[I know this is not the way one is supposed to blog about a vacation. I choose to ignore that.]
Club sandwiches have rules. As Mitch Hedberg would say, if you don’t follow them, you’re not part of the club.
The rules are: bread, chicken and lettuce, bread, tomato and bacon, optional american cheese, bread. All bread toasted. Mayonnaise. Cut in four. It comes with french fries and poorly constructed coleslaw.
Simple. Do that, and you’re part of the club.
A friend who has spent time in food services used to interview potential cooks by asking them to make a club sandwich. Acceptable variation is certainly allowed, but it seems like a good test of “can you just make some decent food?”
There are often things labeled “club sandwich” on menus in Asia. I occasionally order them hoping for some taste of home. After all, how hard could it be? There are rules.
It turns out that these rules have not been effectively transmitted to Asia.
The first example is actually a favourite of mine. It is from the Vineyard in Hangzhou, an expat place near the Yuquan campus where I lived while teaching there: (click through on any of the images for detail)
It’s moderately club-sandwich-like. There are three pieces of bread. Ham is substituted for chicken. Cut in two instead of four. It doesn’t taste entirely like a club sandwich but it’s good. This is the high point of our journey.
The next example is from a cafe in the Shanghai Pudong airport and is much more typical of Chinese club sandwiches:
Three slices of bread, but crusts cut off. An egg for some reason, which I don’t mind since I believe an egg can be added to any savory dish to enhance it. There is some chicken salad like substance serving as a poor substitute for chicken. Ham substituted for bacon. One forlorn little piece of lettuce is split between the four quarters. An irritating amount of mayo. Only the innermost bite of each piece really has any filling. After that bite, it’s vaguely sweet Chinese “toast bread” with mayo. Four pringles act poorly as fries.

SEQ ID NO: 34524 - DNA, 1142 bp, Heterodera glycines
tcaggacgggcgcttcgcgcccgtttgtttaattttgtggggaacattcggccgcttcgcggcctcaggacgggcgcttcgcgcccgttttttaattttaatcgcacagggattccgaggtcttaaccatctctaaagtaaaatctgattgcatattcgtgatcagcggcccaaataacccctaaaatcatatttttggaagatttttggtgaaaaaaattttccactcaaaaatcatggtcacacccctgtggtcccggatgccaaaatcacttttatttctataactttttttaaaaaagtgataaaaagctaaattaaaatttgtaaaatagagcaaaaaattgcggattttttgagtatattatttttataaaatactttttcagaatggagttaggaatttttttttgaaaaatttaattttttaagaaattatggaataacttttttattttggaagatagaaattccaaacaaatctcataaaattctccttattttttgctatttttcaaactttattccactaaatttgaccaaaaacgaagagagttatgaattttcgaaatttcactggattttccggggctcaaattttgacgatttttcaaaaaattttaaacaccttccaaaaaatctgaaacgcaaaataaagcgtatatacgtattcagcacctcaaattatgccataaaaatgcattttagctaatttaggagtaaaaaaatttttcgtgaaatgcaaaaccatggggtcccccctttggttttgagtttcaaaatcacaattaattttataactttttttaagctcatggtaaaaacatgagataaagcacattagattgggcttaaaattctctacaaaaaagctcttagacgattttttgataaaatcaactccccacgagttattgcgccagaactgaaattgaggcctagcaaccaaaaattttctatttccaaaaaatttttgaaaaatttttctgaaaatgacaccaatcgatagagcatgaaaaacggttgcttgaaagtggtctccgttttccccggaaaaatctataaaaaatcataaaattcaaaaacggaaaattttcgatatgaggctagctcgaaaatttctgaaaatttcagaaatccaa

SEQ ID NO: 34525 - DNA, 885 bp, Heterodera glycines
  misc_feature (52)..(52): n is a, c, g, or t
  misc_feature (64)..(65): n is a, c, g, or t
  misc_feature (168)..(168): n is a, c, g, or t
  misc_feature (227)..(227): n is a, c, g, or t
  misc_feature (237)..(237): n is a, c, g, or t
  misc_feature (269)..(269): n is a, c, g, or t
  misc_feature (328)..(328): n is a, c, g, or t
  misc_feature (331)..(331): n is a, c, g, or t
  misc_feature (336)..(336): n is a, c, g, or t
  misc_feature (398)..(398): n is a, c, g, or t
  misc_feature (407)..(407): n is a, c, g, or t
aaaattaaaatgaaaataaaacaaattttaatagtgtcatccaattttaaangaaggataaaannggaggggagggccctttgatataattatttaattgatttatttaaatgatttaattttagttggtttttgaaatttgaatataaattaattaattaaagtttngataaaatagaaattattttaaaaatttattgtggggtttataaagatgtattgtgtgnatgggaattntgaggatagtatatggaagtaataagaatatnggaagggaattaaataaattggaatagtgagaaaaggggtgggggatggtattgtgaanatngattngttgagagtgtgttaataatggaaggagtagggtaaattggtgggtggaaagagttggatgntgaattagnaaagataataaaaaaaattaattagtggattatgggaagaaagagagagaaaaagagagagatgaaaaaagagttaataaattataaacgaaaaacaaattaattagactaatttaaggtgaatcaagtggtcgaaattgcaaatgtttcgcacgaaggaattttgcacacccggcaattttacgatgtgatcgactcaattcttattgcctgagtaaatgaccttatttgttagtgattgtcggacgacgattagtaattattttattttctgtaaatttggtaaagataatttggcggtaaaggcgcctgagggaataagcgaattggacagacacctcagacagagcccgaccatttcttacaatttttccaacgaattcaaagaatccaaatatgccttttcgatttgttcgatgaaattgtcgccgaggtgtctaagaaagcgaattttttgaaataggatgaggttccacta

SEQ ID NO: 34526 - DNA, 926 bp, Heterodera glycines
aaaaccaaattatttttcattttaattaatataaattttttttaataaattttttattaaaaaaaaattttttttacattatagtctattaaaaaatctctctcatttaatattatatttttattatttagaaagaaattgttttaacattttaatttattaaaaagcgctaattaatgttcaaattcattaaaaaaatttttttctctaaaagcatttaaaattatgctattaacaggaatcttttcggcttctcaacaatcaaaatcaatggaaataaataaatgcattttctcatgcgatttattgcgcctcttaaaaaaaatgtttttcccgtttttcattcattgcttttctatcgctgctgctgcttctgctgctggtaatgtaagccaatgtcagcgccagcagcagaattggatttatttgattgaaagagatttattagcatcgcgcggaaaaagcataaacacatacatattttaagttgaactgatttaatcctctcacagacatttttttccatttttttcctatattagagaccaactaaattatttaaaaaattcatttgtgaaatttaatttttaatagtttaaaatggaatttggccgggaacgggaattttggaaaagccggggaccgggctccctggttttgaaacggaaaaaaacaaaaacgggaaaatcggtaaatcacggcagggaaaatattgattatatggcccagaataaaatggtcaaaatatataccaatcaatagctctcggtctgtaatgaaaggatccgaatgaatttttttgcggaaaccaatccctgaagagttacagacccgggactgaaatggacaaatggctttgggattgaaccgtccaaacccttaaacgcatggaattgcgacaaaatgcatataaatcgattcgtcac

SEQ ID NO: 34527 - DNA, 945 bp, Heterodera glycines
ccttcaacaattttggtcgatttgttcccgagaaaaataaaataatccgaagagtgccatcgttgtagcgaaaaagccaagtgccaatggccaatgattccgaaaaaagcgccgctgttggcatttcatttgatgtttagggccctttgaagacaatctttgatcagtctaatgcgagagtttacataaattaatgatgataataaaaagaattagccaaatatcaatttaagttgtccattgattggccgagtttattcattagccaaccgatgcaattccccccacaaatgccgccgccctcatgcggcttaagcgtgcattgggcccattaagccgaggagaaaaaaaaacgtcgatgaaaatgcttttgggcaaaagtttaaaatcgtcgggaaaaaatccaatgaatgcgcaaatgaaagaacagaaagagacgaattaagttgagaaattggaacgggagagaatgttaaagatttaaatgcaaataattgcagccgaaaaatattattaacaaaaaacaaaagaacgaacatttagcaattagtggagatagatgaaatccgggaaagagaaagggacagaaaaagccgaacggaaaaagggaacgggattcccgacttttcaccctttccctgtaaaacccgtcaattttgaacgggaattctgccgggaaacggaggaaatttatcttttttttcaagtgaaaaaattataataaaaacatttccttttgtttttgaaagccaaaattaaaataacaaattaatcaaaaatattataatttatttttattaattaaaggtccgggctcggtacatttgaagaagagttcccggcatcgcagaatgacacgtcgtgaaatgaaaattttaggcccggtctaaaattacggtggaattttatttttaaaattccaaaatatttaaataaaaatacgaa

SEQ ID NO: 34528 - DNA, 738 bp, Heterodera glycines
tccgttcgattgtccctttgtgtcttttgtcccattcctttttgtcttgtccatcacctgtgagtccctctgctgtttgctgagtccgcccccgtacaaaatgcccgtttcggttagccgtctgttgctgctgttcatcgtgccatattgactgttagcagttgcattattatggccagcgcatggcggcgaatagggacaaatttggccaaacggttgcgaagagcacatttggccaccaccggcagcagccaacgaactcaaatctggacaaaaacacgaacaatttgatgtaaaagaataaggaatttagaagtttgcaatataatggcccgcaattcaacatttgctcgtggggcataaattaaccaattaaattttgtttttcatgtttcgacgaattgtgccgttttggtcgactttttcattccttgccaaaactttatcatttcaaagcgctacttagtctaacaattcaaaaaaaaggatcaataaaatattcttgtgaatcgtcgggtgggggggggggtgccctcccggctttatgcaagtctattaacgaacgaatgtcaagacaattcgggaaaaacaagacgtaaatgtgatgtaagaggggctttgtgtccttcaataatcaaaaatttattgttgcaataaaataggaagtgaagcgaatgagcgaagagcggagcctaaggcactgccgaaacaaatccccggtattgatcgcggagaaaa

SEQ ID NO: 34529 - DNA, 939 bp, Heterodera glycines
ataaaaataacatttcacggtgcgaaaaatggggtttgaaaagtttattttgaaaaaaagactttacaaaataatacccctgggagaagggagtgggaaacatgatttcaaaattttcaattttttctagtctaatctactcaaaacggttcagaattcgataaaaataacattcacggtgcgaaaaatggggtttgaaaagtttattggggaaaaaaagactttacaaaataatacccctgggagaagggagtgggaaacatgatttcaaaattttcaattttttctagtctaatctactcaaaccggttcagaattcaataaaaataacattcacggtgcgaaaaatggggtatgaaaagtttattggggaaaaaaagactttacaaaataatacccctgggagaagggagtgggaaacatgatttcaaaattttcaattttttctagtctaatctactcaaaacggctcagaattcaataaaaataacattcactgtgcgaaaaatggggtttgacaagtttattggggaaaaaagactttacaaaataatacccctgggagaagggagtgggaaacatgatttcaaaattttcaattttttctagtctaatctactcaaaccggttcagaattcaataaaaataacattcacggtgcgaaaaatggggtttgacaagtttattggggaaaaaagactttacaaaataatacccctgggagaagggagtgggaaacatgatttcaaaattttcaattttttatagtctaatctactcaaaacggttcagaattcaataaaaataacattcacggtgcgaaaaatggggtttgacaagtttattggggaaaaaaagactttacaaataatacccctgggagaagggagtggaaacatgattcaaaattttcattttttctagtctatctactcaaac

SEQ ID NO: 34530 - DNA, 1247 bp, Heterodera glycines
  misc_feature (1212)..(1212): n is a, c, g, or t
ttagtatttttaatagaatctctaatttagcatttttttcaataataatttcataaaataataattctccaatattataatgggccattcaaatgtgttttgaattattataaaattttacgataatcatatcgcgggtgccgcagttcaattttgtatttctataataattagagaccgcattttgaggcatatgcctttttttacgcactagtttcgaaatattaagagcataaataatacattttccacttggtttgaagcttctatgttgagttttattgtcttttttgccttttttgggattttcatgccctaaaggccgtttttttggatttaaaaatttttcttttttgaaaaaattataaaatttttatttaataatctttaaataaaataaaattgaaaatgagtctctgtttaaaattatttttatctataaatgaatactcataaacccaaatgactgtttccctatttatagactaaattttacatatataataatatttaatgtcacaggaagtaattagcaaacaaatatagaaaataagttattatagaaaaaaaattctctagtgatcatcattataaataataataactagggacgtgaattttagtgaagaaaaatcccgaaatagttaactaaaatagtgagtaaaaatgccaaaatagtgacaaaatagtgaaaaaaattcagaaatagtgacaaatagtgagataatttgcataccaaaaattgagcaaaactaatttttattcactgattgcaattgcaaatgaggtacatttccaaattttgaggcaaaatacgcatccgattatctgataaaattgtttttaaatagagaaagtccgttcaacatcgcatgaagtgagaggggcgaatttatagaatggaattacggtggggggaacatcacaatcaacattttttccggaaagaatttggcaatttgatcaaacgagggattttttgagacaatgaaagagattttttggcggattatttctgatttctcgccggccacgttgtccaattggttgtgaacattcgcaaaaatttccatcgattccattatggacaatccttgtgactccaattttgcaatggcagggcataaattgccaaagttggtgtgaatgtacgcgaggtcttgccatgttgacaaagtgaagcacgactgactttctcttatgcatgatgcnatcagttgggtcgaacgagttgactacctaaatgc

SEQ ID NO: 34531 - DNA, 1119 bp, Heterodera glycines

This happened at a resort in the Philippines. There was a picture on the menu, but I thought “no… they couldn’t legally serve that as a club sandwich. It’ll be different.” It wasn’t.
Four (four!) slices of bread with the crusts cut off. A crumbled bacon and chicken salad melange. Lettuce, cucumber and tomato. A scrambled egg and thick slab of weak cheddar. Cut in two.
That kind of thing should get a cook sent to the Hague.
A final entry from a random western-ish restaurant in a mall in Cebu. I knew it wasn’t going to be good, but I ordered it anyway:
Three slices of bread toasted in a panini press. Ham, chicken salad with some egg in there somewhere. Roast beef, lettuce tomato, cheese. A poor entry overall.
I have developed a real love of the Philippines, but this is a serious deficiency in the culture.
There is no real conclusion to this post, other than perhaps “get your club sandwiches from diners in North America.”